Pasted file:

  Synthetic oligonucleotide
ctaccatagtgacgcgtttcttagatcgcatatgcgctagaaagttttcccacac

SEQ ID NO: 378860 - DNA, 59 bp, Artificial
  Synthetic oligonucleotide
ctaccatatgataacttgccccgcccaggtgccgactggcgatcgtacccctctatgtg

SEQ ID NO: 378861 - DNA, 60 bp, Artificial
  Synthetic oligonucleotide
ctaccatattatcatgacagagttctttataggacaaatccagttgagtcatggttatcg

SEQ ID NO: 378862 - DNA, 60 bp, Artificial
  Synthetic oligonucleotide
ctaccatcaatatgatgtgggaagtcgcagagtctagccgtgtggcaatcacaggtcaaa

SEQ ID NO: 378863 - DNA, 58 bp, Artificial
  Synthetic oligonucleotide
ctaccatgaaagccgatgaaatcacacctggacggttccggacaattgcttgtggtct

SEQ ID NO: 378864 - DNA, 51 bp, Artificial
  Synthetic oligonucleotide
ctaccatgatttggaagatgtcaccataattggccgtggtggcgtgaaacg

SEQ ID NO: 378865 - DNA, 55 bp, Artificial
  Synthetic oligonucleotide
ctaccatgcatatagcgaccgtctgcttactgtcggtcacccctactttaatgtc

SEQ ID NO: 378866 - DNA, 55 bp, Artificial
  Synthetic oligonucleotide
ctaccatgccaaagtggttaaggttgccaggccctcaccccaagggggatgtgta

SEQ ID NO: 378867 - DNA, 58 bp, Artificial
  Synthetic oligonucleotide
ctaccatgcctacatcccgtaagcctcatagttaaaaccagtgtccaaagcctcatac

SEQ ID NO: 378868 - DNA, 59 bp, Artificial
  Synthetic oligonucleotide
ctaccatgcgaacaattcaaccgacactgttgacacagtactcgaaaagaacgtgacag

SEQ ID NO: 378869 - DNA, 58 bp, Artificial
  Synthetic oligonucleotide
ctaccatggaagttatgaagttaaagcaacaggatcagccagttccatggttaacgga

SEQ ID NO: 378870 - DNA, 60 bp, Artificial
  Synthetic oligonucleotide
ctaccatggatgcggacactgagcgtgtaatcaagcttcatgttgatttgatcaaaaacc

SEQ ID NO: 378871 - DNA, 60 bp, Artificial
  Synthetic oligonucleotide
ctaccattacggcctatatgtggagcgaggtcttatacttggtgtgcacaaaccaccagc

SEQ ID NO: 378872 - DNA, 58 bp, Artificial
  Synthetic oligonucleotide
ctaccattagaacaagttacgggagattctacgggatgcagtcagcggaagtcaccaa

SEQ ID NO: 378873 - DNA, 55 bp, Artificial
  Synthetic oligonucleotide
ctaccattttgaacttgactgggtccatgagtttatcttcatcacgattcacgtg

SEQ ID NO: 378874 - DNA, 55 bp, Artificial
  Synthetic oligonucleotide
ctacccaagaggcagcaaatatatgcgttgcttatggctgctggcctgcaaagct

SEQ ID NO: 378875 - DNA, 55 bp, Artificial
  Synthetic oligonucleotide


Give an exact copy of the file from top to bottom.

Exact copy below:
  Synthetic oligonucleotide
ctaccatagtgacgcgtttcttagatcgcatatgcgctagaaagttttcccacac

SEQ ID NO: 378860 - DNA, 59 bp, Artificial
  Synthetic oligonucleotide
ctaccatatgataacttgccccgcccaggtgccgactggcgatcgtacccctctatgtg

SEQ ID NO: 378861 - DNA, 60 bp, Artificial
  Synthetic oligonucleotide
ctaccatattatcatgacagagttctttataggacaaatccagttgagtcatggttatcg

SEQ ID NO: 378862 - DNA, 60 bp, Artificial
  Synthetic oligonucleotide
ctaccatcaatatgatgtgggaagtcgcagagtctagccgtgtggcaatcacaggtcaaa

SEQ ID NO: 378863 - DNA, 58 bp, Artificial
  Synthetic oligonucleotide
ctaccatgaaagccgatgaaatcacacctggacggttccggacaattgcttgtggtct

SEQ ID NO: 378864 - DNA, 51 bp, Artificial
  Synthetic oligonucleotide
ctaccatgatttggaagatgtcaccataattggccgtggtggcgtgaaacg

SEQ ID NO: 378865 - DNA, 55 bp, Artificial
  Synthetic oligonucleotide
ctaccatgcatatagcgaccgtctgcttactgtcggtcacccctactttaatgtc

SEQ ID NO: 378866 - DNA, 55 bp, Artificial
  Synthetic oligonucleotide
ctaccatgccaaagtggttaaggttgccaggccctcaccccaagggggatgtgta

SEQ ID NO: 378867 - DNA, 58 bp, Artificial
  Synthetic oligonucleotide
ctaccatgcctacatcccgtaagcctcatagttaaaaccagtgtccaaagcctcatac

SEQ ID NO: 378868 - DNA, 59 bp, Artificial
  Synthetic oligonucleotide
ctaccatgcgaacaattcaaccgacactgttgacacagtactcgaaaagaacgtgacag

SEQ ID NO: 378869 - DNA, 58 bp, Artificial
  Synthetic oligonucleotide
ctaccatggaagttatgaagttaaagcaacaggatcagccagttccatggttaacgga

SEQ ID NO: 378870 - DNA, 60 bp, Artificial
  Synthetic oligonucleotide
ctaccatggatgcggacactgagcgtgtaatcaagcttcatgttgatttgatcaaaaacc

SEQ ID NO: 378871 - DNA, 60 bp, Artificial
  Synthetic oligonucleotide
ctaccattacggcctatatgtggagcgaggtcttatacttggtgtgcacaaaccaccagc

SEQ ID NO: 378872 - DNA, 58 bp, Artificial
  Synthetic oligonucleotide
ctaccattagaacaagttacgggagattctacgggatgcagtcagcggaagtcaccaa

SEQ ID NO: 378873 - DNA, 55 bp, Artificial
  Synthetic oligonucleotide
ctaccattttgaacttgactgggtccatgagtttatcttcatcacgattcacgtg

SEQ ID NO: 378874 - DNA, 55 bp, Artificial
  Synthetic oligonucleotide
ctacccaagaggcagcaaatatatgcgttgcttatggctgctggcctgcaaagct

SEQ ID NO: 378875 - DNA, 55 bp, Artificial
  Synthetic oligonucleotide